St. Nectarios of Aegina offers us, in just a few lines, an image of the true zealot of Christ:
“The zealot according to knowledge, motivated by the love of God and his neighbor, does all things with charity and self-effacement; he does nothing that might bring sorrow to his neighbor; such a zealot is enlightened by knowledge and nothing prompts him to deviate from what is morally right” (see Self-Knowledge, pp. 135-136).
The zealot blessed by Christ is a model for the true Christian, the principle characteristics of whom are fervent love for God and neighbor, gentleness, religious tolerance, forgiveness, graciousness of manner, and, in general, all of those fruits of one dwelling in the Holy Spirit.
By contrast, that unfortunate Christian who is inspired by zeal not according to knowledge is a “ruinous man” who literally turns the Gospel of Grace and love upside down.
Let us see how the saints of the Orthodox Church view the zealot whose zeal is not according to wisdom:
his zeal is a “seductive fire, a consuming fire”
“destruction comes forth from him and desolation follows in his wake”
“he beseeches God to send down fire from Heaven and to devour all of those who do not embrace his principles and convictions”
he is “characterized by hatred for those of other religions and confessions, envy and persistent anger, violent resistance to the true spirit of Divine law, an unreasonable obstinacy in defending his own views, a passionate zeal for prevailing in all things, the love of glory, quarrels, contention, and a love of turmoil” (St. Nectarios, ibid.).
Orthodox spirituality has always considered it essential that zeal go hand-in-hand with love, so as not to become deviant:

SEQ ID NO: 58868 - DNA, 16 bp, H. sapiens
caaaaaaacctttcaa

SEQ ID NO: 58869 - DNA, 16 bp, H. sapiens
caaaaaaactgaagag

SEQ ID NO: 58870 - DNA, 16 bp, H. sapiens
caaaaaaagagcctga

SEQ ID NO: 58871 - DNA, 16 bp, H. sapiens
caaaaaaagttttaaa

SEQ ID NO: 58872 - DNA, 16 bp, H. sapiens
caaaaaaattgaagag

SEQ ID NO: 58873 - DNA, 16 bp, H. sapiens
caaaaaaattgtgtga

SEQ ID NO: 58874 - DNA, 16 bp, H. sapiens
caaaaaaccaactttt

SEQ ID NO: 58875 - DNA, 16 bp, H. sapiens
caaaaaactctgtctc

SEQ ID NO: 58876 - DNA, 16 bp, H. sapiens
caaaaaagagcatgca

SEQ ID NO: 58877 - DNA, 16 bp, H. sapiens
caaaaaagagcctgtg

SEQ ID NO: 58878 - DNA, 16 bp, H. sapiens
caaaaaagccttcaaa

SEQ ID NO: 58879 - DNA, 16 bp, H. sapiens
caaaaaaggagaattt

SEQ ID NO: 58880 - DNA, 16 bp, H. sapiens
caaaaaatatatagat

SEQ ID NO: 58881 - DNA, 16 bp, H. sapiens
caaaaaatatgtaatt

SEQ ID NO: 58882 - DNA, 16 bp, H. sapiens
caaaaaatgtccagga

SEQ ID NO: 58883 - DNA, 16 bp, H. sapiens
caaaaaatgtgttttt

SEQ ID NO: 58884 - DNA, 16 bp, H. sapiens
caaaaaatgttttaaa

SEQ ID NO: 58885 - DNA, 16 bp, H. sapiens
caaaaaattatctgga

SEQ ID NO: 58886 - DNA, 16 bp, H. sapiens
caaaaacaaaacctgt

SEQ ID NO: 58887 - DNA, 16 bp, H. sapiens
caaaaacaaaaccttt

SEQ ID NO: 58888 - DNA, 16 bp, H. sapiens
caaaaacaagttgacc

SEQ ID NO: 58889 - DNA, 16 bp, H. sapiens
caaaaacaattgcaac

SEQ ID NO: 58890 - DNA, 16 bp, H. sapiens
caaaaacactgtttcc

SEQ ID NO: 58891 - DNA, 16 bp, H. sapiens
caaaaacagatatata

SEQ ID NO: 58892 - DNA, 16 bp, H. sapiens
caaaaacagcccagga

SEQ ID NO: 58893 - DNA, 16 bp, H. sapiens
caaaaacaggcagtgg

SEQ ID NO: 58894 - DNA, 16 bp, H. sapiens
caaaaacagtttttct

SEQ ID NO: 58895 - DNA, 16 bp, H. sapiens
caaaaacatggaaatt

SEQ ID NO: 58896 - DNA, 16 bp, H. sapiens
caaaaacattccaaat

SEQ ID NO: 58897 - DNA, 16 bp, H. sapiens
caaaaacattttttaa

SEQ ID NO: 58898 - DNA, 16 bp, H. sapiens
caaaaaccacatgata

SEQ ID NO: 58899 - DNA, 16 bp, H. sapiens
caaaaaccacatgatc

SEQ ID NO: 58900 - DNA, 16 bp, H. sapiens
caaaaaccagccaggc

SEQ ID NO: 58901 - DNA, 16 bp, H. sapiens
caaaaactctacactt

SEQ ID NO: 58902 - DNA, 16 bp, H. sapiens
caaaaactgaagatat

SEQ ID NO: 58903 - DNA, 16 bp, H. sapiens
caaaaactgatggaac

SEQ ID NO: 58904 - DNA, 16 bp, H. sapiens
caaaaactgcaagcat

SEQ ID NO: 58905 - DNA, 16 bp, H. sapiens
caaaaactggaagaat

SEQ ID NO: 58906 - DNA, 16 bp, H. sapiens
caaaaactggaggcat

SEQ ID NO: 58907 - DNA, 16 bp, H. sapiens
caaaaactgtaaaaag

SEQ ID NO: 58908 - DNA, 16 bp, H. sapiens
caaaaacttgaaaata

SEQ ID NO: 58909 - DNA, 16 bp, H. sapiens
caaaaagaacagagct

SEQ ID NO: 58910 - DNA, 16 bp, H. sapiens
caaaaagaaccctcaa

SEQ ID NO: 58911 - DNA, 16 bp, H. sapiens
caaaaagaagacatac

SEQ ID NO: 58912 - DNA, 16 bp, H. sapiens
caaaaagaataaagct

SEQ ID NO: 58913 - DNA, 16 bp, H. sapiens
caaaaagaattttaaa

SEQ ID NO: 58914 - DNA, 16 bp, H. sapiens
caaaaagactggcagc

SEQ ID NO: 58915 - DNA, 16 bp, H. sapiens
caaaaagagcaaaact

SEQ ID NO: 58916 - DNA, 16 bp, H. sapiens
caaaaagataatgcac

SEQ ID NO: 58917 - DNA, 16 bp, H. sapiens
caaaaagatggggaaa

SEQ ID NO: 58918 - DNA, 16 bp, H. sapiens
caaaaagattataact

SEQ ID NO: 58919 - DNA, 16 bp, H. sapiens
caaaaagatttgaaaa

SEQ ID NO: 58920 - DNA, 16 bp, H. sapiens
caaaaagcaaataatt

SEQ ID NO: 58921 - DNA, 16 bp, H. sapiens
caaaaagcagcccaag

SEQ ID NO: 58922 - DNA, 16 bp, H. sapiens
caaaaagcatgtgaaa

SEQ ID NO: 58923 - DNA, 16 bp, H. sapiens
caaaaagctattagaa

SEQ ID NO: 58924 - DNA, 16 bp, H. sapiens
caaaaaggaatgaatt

“Zeal for piety [or preserving the Church and Holy TraditionBMB] is a good thing, but when combined with love” (St. John Damascene, Patrologia Graeca, Vol. SCIV, col. 1436).
The magnificent epistle of St. Dionysios the Areopagite to the Monk Demophilos, in which he expounds in a God-inspired way on the subject of the extremes of importune zeal, shows that this “temptation” among the pious is ancient.
But now let us juxtapose with the demon of imprudent zeal the zealots of Patristic deity, calling to mind their Patristic precepts:
“We will not approve of your fits of rage, which are alien to genuine zeal (‘unenviable impulses’), even if you should invoke Phineas and Elias a thousand times” (St. Dionysios the Areopagite, Patrologia Graeca, Vol. III, col. 1096C, “Epistle to Demophilos the Monk [or Therapeutes, a term used by St. Dionysios for a monastic],” 5).
Likewise, our Savior, through the Apostle Paul, “teaches us that we should educate with gentleness those who reject the teaching of God”; “for the ignorant need to be instructed, not punished, just as we do not chastise the blind, but lead them by the hand” (ibid.).
Let the pious Faithful never forget that the criterion of the genuineness of our love is not imprudent zeal, but withdrawal from all of our passions:
“Strive to love every man equally, and in short you will drive out all of your passions” (St. Thalassios, Philokalia, Vol. 2, p. 213, and Patrologia Graeca, Vol. XCI, col. 1441B).
Our zeal for piety, like every other spiritual endeavor, is of doubtful purity and genuineness if it does not incline the heart towards love and humility:
“For every pursuit and every endeavor involving great toil that does not end up in love and a contrite spirit is futile, and yields no profitable result” (St. Symeon the New Theologian, Catechesis I, Sources Chretiennes, Vol. 96, pp. 143-145).
Hence: “Zeal for piety is a good thing, but when combined with love!”
~Metropolitan Cyprian of Oropos and Fili